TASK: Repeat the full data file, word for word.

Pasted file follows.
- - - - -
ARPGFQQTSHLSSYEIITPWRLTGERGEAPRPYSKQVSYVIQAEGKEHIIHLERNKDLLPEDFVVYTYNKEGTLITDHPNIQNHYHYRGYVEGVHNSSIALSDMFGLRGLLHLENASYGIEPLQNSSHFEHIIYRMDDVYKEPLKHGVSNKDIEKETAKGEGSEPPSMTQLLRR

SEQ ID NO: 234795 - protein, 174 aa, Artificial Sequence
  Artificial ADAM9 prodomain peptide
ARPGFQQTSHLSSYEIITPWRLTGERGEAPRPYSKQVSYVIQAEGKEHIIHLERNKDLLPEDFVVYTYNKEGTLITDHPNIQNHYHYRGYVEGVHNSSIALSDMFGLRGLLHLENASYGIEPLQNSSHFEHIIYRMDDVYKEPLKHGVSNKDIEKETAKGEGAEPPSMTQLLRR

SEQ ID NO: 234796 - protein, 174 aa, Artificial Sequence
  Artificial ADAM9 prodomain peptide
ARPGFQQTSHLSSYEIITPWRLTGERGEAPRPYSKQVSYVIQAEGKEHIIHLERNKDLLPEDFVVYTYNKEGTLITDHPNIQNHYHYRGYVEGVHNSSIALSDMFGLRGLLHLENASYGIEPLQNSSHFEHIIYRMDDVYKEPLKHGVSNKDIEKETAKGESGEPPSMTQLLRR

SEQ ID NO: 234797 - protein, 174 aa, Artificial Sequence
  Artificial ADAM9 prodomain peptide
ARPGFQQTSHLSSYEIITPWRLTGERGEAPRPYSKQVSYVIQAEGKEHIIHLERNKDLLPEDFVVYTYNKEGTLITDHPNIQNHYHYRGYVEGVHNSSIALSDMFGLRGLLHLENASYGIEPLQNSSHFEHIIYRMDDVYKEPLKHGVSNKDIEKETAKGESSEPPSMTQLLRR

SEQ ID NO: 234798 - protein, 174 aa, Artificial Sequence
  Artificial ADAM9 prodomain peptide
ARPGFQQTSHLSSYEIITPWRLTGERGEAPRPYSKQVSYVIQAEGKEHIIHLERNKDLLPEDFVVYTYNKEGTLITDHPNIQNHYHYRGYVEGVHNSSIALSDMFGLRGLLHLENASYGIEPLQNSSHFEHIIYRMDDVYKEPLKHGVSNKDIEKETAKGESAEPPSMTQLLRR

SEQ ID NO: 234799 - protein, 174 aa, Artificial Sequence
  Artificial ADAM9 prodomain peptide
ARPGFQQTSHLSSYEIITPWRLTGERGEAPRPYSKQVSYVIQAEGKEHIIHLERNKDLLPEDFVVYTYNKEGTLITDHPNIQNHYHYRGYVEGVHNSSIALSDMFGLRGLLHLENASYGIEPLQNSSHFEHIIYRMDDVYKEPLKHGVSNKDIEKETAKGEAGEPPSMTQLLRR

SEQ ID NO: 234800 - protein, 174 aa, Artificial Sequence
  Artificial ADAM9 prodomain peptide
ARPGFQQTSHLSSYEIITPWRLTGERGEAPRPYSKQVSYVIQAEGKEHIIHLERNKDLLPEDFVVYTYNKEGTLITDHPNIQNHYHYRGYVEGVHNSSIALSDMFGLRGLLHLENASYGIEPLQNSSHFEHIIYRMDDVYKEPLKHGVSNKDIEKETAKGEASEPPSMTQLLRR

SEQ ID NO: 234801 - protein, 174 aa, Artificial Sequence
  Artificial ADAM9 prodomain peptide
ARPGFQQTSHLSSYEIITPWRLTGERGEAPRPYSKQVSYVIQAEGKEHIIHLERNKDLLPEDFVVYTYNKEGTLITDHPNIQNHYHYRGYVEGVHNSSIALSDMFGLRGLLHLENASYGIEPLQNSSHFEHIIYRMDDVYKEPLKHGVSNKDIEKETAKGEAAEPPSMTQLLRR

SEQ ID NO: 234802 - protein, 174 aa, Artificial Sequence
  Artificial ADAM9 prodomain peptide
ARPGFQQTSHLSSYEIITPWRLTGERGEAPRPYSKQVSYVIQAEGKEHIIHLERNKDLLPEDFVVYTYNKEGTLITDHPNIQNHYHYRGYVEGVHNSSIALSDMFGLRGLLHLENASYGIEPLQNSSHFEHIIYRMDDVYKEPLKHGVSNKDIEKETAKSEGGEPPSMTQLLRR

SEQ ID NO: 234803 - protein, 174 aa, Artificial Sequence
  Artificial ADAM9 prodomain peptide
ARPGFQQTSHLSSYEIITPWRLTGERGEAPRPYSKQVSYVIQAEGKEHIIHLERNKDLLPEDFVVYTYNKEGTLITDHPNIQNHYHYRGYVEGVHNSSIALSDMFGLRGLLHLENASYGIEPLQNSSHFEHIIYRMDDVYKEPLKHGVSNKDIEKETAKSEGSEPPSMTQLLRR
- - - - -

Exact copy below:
ARPGFQQTSHLSSYEIITPWRLTGERGEAPRPYSKQVSYVIQAEGKEHIIHLERNKDLLPEDFVVYTYNKEGTLITDHPNIQNHYHYRGYVEGVHNSSIALSDMFGLRGLLHLENASYGIEPLQNSSHFEHIIYRMDDVYKEPLKHGVSNKDIEKETAKGEGSEPPSMTQLLRR

SEQ ID NO: 234795 - protein, 174 aa, Artificial Sequence
  Artificial ADAM9 prodomain peptide
ARPGFQQTSHLSSYEIITPWRLTGERGEAPRPYSKQVSYVIQAEGKEHIIHLERNKDLLPEDFVVYTYNKEGTLITDHPNIQNHYHYRGYVEGVHNSSIALSDMFGLRGLLHLENASYGIEPLQNSSHFEHIIYRMDDVYKEPLKHGVSNKDIEKETAKGEGAEPPSMTQLLRR

SEQ ID NO: 234796 - protein, 174 aa, Artificial Sequence
  Artificial ADAM9 prodomain peptide
ARPGFQQTSHLSSYEIITPWRLTGERGEAPRPYSKQVSYVIQAEGKEHIIHLERNKDLLPEDFVVYTYNKEGTLITDHPNIQNHYHYRGYVEGVHNSSIALSDMFGLRGLLHLENASYGIEPLQNSSHFEHIIYRMDDVYKEPLKHGVSNKDIEKETAKGESGEPPSMTQLLRR

SEQ ID NO: 234797 - protein, 174 aa, Artificial Sequence
  Artificial ADAM9 prodomain peptide
ARPGFQQTSHLSSYEIITPWRLTGERGEAPRPYSKQVSYVIQAEGKEHIIHLERNKDLLPEDFVVYTYNKEGTLITDHPNIQNHYHYRGYVEGVHNSSIALSDMFGLRGLLHLENASYGIEPLQNSSHFEHIIYRMDDVYKEPLKHGVSNKDIEKETAKGESSEPPSMTQLLRR

SEQ ID NO: 234798 - protein, 174 aa, Artificial Sequence
  Artificial ADAM9 prodomain peptide
ARPGFQQTSHLSSYEIITPWRLTGERGEAPRPYSKQVSYVIQAEGKEHIIHLERNKDLLPEDFVVYTYNKEGTLITDHPNIQNHYHYRGYVEGVHNSSIALSDMFGLRGLLHLENASYGIEPLQNSSHFEHIIYRMDDVYKEPLKHGVSNKDIEKETAKGESAEPPSMTQLLRR

SEQ ID NO: 234799 - protein, 174 aa, Artificial Sequence
  Artificial ADAM9 prodomain peptide
ARPGFQQTSHLSSYEIITPWRLTGERGEAPRPYSKQVSYVIQAEGKEHIIHLERNKDLLPEDFVVYTYNKEGTLITDHPNIQNHYHYRGYVEGVHNSSIALSDMFGLRGLLHLENASYGIEPLQNSSHFEHIIYRMDDVYKEPLKHGVSNKDIEKETAKGEAGEPPSMTQLLRR

SEQ ID NO: 234800 - protein, 174 aa, Artificial Sequence
  Artificial ADAM9 prodomain peptide
ARPGFQQTSHLSSYEIITPWRLTGERGEAPRPYSKQVSYVIQAEGKEHIIHLERNKDLLPEDFVVYTYNKEGTLITDHPNIQNHYHYRGYVEGVHNSSIALSDMFGLRGLLHLENASYGIEPLQNSSHFEHIIYRMDDVYKEPLKHGVSNKDIEKETAKGEASEPPSMTQLLRR

SEQ ID NO: 234801 - protein, 174 aa, Artificial Sequence
  Artificial ADAM9 prodomain peptide
ARPGFQQTSHLSSYEIITPWRLTGERGEAPRPYSKQVSYVIQAEGKEHIIHLERNKDLLPEDFVVYTYNKEGTLITDHPNIQNHYHYRGYVEGVHNSSIALSDMFGLRGLLHLENASYGIEPLQNSSHFEHIIYRMDDVYKEPLKHGVSNKDIEKETAKGEAAEPPSMTQLLRR

SEQ ID NO: 234802 - protein, 174 aa, Artificial Sequence
  Artificial ADAM9 prodomain peptide
ARPGFQQTSHLSSYEIITPWRLTGERGEAPRPYSKQVSYVIQAEGKEHIIHLERNKDLLPEDFVVYTYNKEGTLITDHPNIQNHYHYRGYVEGVHNSSIALSDMFGLRGLLHLENASYGIEPLQNSSHFEHIIYRMDDVYKEPLKHGVSNKDIEKETAKSEGGEPPSMTQLLRR

SEQ ID NO: 234803 - protein, 174 aa, Artificial Sequence
  Artificial ADAM9 prodomain peptide
ARPGFQQTSHLSSYEIITPWRLTGERGEAPRPYSKQVSYVIQAEGKEHIIHLERNKDLLPEDFVVYTYNKEGTLITDHPNIQNHYHYRGYVEGVHNSSIALSDMFGLRGLLHLENASYGIEPLQNSSHFEHIIYRMDDVYKEPLKHGVSNKDIEKETAKSEGSEPPSMTQLLRR